We have officially entered the final month of the year and the last month of the fall season at Rock Tree Sky.
It is that bustling time of year where kids scramble to complete projects and practice performances in preparation for the highly anticipated Winter Exposition.
The upcoming weeks are bound to be bursting with energy, and I recognize that many of us might feel overwhelmed with too much to-dos. So, I would like to offer a reminder to breathe deeply, drink some herbal tea, and take a step back. We can still find ways to celebrate all that 2022 has brought without burning ourselves out.
My hope for the community is to reject our culture's sense of urgency at this time of year and to instead enjoy a peaceful transition into the reflective winter season.
If it feels good for you to participate in community gatherings we'd love to gather with you. But, if it's starting to feel like too much, it is absolutely okay to say "no thank you." You have my permission to opt out ;)
In the rest of this letter you will find calendar items for December, reflections and photos from November, and an article from the Education Reimagined online magazine.
As always Be Well and Stay Curious,
With love from the RTS Staff
Looking Towards December
Sunday December 11th: Family Work Party 10am-12pm
Farmer Kelly is asking for parent volunteers to help with some native plant planting around campus. Remember, many hands make light work! *Please note, there will be no parent discussion group this month. Instead of the originally scheduled Parent Discussion Group we are asking that parents join us on campus for an active morning of campus beautification. Snacks are still encouraged :)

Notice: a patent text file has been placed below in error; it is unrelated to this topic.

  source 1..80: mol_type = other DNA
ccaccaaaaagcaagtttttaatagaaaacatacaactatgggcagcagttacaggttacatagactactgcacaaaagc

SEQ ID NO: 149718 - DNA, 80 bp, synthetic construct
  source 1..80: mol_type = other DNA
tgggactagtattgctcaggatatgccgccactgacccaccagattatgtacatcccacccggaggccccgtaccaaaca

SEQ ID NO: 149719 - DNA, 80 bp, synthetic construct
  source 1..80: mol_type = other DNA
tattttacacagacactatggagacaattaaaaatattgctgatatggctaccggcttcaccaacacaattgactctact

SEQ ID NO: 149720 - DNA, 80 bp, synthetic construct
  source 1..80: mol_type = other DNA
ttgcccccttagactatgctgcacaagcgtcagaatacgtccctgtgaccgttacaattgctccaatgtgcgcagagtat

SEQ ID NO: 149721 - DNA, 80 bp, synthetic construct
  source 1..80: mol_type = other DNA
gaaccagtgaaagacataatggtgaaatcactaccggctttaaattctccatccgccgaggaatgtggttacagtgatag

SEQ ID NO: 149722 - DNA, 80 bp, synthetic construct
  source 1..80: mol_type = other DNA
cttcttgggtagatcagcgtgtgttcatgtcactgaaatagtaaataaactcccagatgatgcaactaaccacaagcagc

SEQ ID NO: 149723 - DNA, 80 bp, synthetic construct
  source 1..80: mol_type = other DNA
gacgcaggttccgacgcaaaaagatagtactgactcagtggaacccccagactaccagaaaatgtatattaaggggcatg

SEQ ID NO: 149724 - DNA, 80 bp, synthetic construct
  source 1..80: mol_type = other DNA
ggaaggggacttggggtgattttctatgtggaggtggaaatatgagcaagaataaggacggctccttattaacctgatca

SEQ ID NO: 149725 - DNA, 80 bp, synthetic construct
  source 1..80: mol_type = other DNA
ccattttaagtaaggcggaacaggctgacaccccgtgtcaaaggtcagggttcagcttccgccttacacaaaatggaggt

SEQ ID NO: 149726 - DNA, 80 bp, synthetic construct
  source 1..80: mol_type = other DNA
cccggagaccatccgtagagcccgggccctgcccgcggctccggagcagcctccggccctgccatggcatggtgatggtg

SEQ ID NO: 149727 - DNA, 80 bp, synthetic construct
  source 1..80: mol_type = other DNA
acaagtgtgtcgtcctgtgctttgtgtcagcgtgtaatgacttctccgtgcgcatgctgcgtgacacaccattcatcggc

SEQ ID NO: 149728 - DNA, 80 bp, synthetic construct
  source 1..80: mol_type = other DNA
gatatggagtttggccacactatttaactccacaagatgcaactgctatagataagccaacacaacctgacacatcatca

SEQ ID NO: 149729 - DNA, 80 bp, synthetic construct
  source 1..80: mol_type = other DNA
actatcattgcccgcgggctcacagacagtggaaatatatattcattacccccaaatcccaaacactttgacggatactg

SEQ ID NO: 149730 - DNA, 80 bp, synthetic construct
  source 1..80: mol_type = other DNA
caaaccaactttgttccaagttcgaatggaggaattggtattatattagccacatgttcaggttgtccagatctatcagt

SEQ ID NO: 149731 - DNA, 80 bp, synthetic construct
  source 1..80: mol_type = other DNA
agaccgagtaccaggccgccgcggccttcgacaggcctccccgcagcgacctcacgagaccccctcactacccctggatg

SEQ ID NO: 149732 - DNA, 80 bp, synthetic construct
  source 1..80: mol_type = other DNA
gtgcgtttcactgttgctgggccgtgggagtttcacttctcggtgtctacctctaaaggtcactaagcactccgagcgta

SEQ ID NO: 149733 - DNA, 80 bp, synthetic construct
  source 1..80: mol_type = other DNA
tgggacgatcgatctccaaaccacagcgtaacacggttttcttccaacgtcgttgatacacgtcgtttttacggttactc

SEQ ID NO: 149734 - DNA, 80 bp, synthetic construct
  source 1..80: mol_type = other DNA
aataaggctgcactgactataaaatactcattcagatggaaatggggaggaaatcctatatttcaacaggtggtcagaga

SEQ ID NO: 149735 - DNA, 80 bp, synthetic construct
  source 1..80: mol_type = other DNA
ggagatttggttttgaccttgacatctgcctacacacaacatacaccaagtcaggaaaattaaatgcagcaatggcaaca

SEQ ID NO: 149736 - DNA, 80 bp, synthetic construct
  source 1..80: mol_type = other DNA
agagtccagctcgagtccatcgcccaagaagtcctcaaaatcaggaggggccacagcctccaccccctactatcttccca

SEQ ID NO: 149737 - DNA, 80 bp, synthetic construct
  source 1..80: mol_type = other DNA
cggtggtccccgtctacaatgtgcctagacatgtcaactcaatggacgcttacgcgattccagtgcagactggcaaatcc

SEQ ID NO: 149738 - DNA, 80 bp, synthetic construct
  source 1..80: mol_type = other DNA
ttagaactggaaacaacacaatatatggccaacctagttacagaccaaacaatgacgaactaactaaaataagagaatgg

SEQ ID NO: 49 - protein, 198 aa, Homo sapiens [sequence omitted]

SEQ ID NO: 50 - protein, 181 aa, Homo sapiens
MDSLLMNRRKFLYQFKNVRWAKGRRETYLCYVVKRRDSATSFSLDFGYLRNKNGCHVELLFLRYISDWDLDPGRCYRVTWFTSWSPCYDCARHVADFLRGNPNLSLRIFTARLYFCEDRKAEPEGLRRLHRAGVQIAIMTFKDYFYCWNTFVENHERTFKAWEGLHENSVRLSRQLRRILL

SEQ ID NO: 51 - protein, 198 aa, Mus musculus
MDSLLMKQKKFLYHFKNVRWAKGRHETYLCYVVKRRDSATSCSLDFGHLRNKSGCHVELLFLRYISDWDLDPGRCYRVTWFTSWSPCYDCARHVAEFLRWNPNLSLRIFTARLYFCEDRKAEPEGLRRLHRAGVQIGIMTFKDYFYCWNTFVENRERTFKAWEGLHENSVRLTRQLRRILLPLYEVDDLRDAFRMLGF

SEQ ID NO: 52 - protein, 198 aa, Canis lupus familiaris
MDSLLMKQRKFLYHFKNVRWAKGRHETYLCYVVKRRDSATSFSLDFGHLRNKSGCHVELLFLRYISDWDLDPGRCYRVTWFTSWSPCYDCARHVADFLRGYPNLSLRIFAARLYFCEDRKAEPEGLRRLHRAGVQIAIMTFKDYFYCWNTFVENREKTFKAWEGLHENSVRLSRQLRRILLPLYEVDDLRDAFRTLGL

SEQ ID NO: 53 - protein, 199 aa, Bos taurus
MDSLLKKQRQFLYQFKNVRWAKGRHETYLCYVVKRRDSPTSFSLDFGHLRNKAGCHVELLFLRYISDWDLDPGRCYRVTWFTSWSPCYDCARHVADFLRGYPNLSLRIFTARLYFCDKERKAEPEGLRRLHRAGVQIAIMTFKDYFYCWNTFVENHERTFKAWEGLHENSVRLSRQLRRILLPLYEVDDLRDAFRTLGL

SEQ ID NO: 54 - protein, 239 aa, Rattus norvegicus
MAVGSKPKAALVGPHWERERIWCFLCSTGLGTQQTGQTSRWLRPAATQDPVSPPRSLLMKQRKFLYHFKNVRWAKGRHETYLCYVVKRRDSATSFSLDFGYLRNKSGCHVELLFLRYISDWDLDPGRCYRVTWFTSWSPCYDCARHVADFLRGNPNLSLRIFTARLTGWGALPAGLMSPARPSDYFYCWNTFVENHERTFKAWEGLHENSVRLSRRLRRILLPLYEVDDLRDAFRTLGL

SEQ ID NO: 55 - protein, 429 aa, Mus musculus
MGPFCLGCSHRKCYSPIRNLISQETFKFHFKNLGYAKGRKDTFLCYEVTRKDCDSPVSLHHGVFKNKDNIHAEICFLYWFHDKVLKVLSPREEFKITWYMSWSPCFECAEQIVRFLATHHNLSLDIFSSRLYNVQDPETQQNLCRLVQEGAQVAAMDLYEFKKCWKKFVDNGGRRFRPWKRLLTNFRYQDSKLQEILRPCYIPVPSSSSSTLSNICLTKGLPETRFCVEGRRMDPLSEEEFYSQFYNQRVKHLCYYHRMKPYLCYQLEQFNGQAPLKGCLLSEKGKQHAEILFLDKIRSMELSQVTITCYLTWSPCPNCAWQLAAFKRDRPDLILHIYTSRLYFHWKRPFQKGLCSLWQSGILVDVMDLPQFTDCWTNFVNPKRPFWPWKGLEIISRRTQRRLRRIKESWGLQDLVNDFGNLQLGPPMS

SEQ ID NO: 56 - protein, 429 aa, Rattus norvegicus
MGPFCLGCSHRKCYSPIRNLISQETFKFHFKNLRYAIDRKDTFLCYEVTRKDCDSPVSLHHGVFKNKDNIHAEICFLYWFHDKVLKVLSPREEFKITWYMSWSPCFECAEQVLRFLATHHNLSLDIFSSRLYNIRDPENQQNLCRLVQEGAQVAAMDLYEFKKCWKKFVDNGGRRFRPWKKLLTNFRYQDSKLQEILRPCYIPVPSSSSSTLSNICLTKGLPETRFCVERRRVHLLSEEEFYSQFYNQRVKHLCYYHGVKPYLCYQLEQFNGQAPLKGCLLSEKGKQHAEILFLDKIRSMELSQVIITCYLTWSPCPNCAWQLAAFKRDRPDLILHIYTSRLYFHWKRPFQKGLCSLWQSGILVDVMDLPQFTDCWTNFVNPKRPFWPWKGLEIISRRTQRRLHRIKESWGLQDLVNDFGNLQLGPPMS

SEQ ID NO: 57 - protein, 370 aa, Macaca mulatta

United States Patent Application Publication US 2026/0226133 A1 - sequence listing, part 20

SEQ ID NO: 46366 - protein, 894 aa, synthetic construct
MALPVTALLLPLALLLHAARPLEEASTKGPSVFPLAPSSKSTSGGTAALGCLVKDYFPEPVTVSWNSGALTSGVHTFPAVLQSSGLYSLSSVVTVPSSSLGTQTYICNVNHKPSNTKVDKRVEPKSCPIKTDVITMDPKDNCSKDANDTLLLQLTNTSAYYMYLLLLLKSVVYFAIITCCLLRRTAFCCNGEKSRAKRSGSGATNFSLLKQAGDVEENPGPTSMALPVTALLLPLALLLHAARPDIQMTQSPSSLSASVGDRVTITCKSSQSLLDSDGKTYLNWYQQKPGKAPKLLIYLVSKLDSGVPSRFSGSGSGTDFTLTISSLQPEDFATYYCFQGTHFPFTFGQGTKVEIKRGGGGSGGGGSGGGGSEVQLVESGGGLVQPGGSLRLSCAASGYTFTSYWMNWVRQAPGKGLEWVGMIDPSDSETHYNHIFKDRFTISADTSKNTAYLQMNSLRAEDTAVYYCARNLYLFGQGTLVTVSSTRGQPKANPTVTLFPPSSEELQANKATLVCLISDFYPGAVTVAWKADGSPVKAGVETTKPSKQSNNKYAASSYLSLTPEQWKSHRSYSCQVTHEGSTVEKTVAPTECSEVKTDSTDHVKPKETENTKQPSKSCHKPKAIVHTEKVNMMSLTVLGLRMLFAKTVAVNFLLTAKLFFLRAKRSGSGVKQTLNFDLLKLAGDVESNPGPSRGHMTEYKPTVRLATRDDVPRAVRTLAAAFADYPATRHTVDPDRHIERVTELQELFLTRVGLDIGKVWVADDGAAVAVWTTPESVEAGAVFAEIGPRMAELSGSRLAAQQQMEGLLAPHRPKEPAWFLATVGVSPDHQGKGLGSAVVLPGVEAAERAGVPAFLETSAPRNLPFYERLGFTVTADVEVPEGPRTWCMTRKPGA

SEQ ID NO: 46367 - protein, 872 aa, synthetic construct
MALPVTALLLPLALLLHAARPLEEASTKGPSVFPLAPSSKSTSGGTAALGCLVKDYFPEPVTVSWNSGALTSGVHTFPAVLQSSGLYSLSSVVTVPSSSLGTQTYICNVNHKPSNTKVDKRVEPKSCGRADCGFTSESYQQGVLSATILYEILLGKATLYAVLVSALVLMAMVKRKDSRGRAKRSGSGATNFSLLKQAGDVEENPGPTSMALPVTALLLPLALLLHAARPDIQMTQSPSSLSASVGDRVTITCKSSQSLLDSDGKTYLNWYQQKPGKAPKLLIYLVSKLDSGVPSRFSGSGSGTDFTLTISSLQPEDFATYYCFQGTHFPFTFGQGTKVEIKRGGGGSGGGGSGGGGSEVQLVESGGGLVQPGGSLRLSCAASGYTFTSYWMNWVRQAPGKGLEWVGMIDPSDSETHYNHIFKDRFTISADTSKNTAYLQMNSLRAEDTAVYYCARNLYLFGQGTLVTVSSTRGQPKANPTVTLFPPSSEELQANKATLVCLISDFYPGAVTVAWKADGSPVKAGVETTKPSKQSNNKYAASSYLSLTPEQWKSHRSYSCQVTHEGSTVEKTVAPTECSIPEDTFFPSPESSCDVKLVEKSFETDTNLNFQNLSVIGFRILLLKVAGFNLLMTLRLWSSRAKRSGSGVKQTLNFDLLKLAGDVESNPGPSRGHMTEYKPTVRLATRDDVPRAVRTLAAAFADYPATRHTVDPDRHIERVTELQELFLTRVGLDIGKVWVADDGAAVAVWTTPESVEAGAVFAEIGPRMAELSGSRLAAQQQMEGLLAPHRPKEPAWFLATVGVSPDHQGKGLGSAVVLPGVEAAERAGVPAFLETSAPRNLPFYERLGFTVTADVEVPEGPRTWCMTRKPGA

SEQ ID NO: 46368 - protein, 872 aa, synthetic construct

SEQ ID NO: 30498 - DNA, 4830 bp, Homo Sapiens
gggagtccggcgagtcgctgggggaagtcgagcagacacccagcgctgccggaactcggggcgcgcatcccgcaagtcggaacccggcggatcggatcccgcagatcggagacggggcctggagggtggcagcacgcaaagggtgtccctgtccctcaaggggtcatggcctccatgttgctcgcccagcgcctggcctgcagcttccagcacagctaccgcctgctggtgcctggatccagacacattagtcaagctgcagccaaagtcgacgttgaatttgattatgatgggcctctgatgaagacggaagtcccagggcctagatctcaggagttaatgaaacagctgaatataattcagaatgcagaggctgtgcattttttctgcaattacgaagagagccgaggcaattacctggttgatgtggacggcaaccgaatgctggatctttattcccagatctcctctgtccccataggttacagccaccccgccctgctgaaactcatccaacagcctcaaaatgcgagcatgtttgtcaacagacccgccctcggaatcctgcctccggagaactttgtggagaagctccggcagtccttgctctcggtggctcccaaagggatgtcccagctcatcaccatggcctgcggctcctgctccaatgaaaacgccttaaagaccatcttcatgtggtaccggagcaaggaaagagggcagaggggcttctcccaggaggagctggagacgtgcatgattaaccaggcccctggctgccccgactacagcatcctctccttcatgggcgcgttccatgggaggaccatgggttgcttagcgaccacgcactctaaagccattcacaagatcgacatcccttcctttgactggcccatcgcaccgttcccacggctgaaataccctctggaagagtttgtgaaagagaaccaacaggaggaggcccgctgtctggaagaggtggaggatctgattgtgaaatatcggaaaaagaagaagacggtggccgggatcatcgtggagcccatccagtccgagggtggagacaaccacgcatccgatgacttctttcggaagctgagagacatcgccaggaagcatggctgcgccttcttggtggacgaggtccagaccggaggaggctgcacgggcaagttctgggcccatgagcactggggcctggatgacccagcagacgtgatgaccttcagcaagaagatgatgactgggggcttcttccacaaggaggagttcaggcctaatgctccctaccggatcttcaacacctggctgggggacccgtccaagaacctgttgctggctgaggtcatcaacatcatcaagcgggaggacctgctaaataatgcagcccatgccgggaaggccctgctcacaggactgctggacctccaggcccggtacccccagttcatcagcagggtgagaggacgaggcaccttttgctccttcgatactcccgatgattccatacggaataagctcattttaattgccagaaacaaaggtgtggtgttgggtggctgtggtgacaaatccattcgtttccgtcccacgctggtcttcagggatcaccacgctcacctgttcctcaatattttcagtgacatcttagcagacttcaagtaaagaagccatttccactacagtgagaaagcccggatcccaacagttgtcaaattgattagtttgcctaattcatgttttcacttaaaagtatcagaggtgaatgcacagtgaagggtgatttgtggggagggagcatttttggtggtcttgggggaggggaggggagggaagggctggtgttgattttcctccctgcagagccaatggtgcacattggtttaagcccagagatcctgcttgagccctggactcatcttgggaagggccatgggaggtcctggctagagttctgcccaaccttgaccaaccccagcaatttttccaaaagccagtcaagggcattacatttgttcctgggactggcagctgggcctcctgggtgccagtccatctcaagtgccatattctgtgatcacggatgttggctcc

Wednesday December 21st: Winter Solstice Exposition 5pm-7pm
Join us for an evening of potlucking, art viewing, aerial silks, and musical performances. Our annual Winter Exposition will be taking place on campus on the night of the Winter Solstice, Wednesday December 21st. Please bring a dish to share!
Monday December 26- Friday January 6th: Rock Tree Sky is closed for Winter Break
News from the Community:
On Saturday December 10th RTS Staff members Chrissy and Maka are hosting a Holiday Market at Greater Goods. The Holiday Market will feature over 20 local artisans including some of our very own Rock Tree Sky Learners, live music performances by our very own Ella Hubley and friends, and rumor has it that beloved Roots mentor, Ella Gamm, will be selling baked goods!
Please come out and support your community of makers and shop local this holiday season.
The Holiday Market will take place from 3-8pm at Greater Goods, 114 N Padre Juan, Meiners Oaks.
Reflections on November:
Between a week of half-days and family conferences and a week of Fall Break, time spent on campus was abbreviated during the month of November. Yet there was no shortage of activity on the days we were here.
Fashion design has been a popular activity this fall so early in the month of November, learners strutted their stuff in a fashion show that featured kid-created wearables. It was fun to see the creations move down the runway and even more fun to witness the robust turnout of audience members and how each leaner supported one another with applause and encouragement. Hopefully we will be seeing more such fashion shows in the future.
This month, Rock Tree Sky received donations in the form of five young oak trees. The oak trees were consciously planted in the lower field with wishes for healthy growth and a future full of daydreaming in the shade and joyful tree climbing.
During the month of November, friend of the community, Sage Stoneman, began laying the foundation for a cob bench that is to be built on campus. Sage spent several days on campus teaching learners how to make bottle bricks. For those who don't know, a bottle brick is essentially a plastic bottle that has been filled with enough trash so that it becomes dense and strong like a brick. The bottle bricks will be used as foundational building material for the base of the bench. Many learners enjoyed participating in this activity. It was fun to witness a certain exuberance as kids rushed to find more trash to stuff into the bottles. I overheard one leaner exclaim, "who knew trash could be so fun?!"